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  Shatter So Very TiredBuy this film here.
Year: 1975
Director: Michael Carreras, Monte Hellman
Stars: Stuart Whitman, Ti Lung, Lily Li, Peter Cushing, Anton Diffring, Yemi Ajibade, Lia Ka Yong, Huang Pei Chi, Liu Ya Ying, Lo Wei, James Ma, Chiang Han, Kao Hsiung
Genre: Action, Thriller, Martial Arts
Rating:  5 (from 1 vote)
Review: They call him Mr Shatter (Stuart Whitman), a man who gets the job done professionally and efficiently. That job being assassination, and he has just taken care of an African dictator by surprising him in bed with his mistress and executing him with his gun hidden in a camera which handily takes a snap of the crime scene as evidence for those who hired him. However, there are signs that all may not be well as Shatter flies into Hong Kong to collect his reward: getting shot at on the way to the hotel being an unsubtle hint...

By the time Hammer studios were winding down, they went off in odd directions in the choice of their projects, all in an increasingly blatant and indeed desperate way of capturing the audiences who would previously have lapped up their productions, but were now regarding them as somewhat low rent and old hat. Shatter was their second collaboration with the Hong Kong Shaw Brothers after Legend of the 7 Golden Vampires, apparently reasoning that martial arts movies were big business so why shouldn't the Brits get in on the act as well? The answer to that was on the strength of this the Orient did them far better when left to their own devices.

Not helping this was director Monte Hellman, after shooting a good chunk of the action, getting sacked when the problems began to dominate, one of them being the obviously haggard Whitman's poor health which extended the schedule far past its budget. Hammer's head honcho Michael Carreras took over the reins and credited himself as sole director (that's all the thanks you get, Hellman!) and the film was finally completed and released to general indifference, being not one thing - a James Bond-esque espionage thriller - or the other - a full on kung fu extravaganza. That was in spite of them hiring rising star Ti Lung as Shatter's sidekick, taking the lion's share of the fight scenes.

Whitman tended to rely on his bullets in those parts, and even gets soundly beaten in one scene when he tries to combat a trio of local thugs who are more experienced in hand to hand than he is, not something you'd expect to see in a Bond movie. This was also the cue for the guest star, Peter Cushing appearing briefly as a security representative in what was his last ever Hammer movie, a sad day although he did show up for one memorable episode of The Hammer House of Horror later on television. Also showing up was Anton Diffring as the bad guy (well, what else?), another Hammer favourite if boasting fewer jobs for the company, and carrying on with his usual, welcome iciness.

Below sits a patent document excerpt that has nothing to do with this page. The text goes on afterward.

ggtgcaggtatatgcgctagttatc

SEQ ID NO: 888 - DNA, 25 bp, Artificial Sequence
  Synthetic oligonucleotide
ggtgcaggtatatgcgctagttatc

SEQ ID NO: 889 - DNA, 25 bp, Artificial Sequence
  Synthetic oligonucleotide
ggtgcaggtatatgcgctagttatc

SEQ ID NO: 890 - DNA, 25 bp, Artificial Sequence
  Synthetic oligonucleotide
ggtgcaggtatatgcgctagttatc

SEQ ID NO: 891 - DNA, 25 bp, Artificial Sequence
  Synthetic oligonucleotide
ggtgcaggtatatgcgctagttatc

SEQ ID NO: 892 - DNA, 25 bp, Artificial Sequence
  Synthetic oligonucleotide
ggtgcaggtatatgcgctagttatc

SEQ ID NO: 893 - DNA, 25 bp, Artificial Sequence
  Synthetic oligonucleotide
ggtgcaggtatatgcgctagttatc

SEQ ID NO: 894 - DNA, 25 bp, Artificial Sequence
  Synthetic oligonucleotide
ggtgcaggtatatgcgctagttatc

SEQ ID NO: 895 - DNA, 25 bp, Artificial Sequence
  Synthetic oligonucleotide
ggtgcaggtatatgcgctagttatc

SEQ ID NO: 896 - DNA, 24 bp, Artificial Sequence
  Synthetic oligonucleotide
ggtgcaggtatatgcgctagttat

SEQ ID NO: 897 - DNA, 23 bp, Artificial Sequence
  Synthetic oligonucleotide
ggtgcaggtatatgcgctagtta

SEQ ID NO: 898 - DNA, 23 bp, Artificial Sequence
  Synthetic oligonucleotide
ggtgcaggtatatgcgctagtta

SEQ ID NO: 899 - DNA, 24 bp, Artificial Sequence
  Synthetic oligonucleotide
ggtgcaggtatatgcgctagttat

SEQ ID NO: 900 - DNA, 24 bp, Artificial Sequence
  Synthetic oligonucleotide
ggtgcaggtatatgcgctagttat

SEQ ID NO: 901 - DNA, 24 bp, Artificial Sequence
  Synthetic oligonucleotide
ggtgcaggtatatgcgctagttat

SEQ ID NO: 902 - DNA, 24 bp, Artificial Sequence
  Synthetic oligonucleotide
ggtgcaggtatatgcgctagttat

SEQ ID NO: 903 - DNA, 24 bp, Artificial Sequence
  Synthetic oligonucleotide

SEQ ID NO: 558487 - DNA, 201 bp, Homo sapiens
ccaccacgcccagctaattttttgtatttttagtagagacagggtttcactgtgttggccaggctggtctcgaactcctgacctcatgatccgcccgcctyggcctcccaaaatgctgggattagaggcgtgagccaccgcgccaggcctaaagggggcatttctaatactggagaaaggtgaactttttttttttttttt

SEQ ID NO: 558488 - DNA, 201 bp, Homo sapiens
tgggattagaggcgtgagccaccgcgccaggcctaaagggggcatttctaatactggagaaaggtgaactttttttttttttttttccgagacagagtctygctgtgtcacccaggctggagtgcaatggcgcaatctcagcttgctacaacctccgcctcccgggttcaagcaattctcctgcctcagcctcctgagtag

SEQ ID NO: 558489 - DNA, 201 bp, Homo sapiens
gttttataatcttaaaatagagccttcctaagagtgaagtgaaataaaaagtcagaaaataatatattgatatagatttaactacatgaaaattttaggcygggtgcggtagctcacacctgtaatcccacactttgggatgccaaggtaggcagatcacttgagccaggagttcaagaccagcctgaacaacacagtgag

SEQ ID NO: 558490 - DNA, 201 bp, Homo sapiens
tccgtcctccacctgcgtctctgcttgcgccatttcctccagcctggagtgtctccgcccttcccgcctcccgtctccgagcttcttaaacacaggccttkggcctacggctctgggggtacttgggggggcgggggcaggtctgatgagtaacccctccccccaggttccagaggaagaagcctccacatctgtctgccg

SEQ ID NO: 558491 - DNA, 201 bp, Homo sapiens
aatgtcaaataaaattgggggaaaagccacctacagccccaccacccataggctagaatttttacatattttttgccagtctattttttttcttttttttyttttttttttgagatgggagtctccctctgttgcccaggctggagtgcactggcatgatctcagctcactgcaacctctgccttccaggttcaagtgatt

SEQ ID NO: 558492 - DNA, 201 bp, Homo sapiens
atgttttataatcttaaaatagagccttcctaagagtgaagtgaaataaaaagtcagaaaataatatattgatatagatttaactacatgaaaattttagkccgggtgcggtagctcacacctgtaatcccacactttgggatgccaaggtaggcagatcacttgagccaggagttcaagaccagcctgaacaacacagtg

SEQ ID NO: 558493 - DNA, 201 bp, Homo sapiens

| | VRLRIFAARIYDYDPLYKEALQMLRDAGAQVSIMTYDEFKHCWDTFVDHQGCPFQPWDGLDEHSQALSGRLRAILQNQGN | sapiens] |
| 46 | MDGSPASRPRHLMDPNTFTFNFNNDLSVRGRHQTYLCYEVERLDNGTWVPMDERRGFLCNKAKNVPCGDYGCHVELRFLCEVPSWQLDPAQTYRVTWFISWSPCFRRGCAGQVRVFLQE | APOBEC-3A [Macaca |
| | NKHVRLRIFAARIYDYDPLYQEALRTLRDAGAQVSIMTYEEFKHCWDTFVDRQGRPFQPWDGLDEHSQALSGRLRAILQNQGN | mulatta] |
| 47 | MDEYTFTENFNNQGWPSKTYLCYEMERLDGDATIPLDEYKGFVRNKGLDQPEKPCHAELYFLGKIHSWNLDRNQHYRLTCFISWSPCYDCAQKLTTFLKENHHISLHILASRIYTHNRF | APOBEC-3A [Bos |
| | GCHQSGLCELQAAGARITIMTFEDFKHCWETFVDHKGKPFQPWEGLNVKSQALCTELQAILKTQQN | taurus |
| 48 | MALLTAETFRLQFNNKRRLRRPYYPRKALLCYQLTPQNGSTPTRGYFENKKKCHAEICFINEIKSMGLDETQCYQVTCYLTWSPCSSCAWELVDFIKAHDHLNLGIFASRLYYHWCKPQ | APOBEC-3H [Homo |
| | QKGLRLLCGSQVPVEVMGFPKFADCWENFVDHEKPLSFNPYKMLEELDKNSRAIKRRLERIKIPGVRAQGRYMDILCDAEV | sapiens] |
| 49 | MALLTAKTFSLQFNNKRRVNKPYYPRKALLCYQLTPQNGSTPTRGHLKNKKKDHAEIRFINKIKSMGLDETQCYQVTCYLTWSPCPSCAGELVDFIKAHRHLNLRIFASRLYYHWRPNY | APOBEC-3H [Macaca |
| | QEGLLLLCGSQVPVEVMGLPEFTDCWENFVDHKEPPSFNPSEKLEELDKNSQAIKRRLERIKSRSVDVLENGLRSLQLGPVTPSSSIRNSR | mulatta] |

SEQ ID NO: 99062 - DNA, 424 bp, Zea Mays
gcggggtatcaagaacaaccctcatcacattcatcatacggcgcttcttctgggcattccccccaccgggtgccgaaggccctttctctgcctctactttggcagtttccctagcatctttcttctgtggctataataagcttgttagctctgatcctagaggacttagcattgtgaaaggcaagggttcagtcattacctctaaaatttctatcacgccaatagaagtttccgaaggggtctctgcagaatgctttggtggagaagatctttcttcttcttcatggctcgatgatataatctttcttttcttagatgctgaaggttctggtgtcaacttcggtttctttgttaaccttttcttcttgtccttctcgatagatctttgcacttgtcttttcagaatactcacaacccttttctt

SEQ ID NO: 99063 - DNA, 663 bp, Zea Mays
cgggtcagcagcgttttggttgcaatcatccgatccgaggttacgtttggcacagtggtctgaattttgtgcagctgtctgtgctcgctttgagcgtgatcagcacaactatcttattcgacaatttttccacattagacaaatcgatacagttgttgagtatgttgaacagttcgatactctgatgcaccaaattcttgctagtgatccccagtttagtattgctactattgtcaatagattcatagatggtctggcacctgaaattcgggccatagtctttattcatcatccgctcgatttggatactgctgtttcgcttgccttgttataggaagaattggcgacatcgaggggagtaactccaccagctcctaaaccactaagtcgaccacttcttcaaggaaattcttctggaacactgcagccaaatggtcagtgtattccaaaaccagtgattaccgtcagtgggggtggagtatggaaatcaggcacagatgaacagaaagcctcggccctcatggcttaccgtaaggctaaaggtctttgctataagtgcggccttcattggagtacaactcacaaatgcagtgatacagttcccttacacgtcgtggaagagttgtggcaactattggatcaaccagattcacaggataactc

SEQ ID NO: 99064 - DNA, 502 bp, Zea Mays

The main issue you'd likely have with this was that while Whitman was the ostensible star, it was Ti Lung who made the most of the movie, fine, he struggled a little with the English-language dialogue, but he wasn't hired to make speeches and what he did with his fists and feet was as impressive. It's just that you had to wait for the second half of the story for his Tai Pah character to come into his own, and it was a long wait as Shatter descends into the er, shitter with his clients refusing to pay and the government out to send him back to the African state he fled from to face justice for the assassination. If he wasn't supposed to be such a tough guy, he'd be more of a hapless stooge, less leading hardman and closer to a straight role for Norman Wisdom should he have cared to branch out into international thrillers. Lily Li was the love interest, but what happens to her suggests a less than progressive attitude to mixed race relationships was present, leaving you with a serviceable but bog standard co-production. Music by David Lindup, groovy theme tune and all.
Reviewer: Graeme Clark

 

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Monte Hellman  (1932 - )

"Existential" is a word often used to describe the films of this American director, who after working for Roger Corman on Beast from Haunted Cave, Back Door to Hell and The Terror directed two cult westerns, The Shooting and Ride in the Whirlwind. In the 1970s he continued his cult acclaim with Two Lane Blacktop, Cockfighter and China 9 Liberty 37, but come the 80s the directing work dried up, with only Iguana and Silent Night, Deadly Night 3 to his name. He also worked behind the scenes on The Wild Angels, Robocop and Reservoir Dogs, among others.

 
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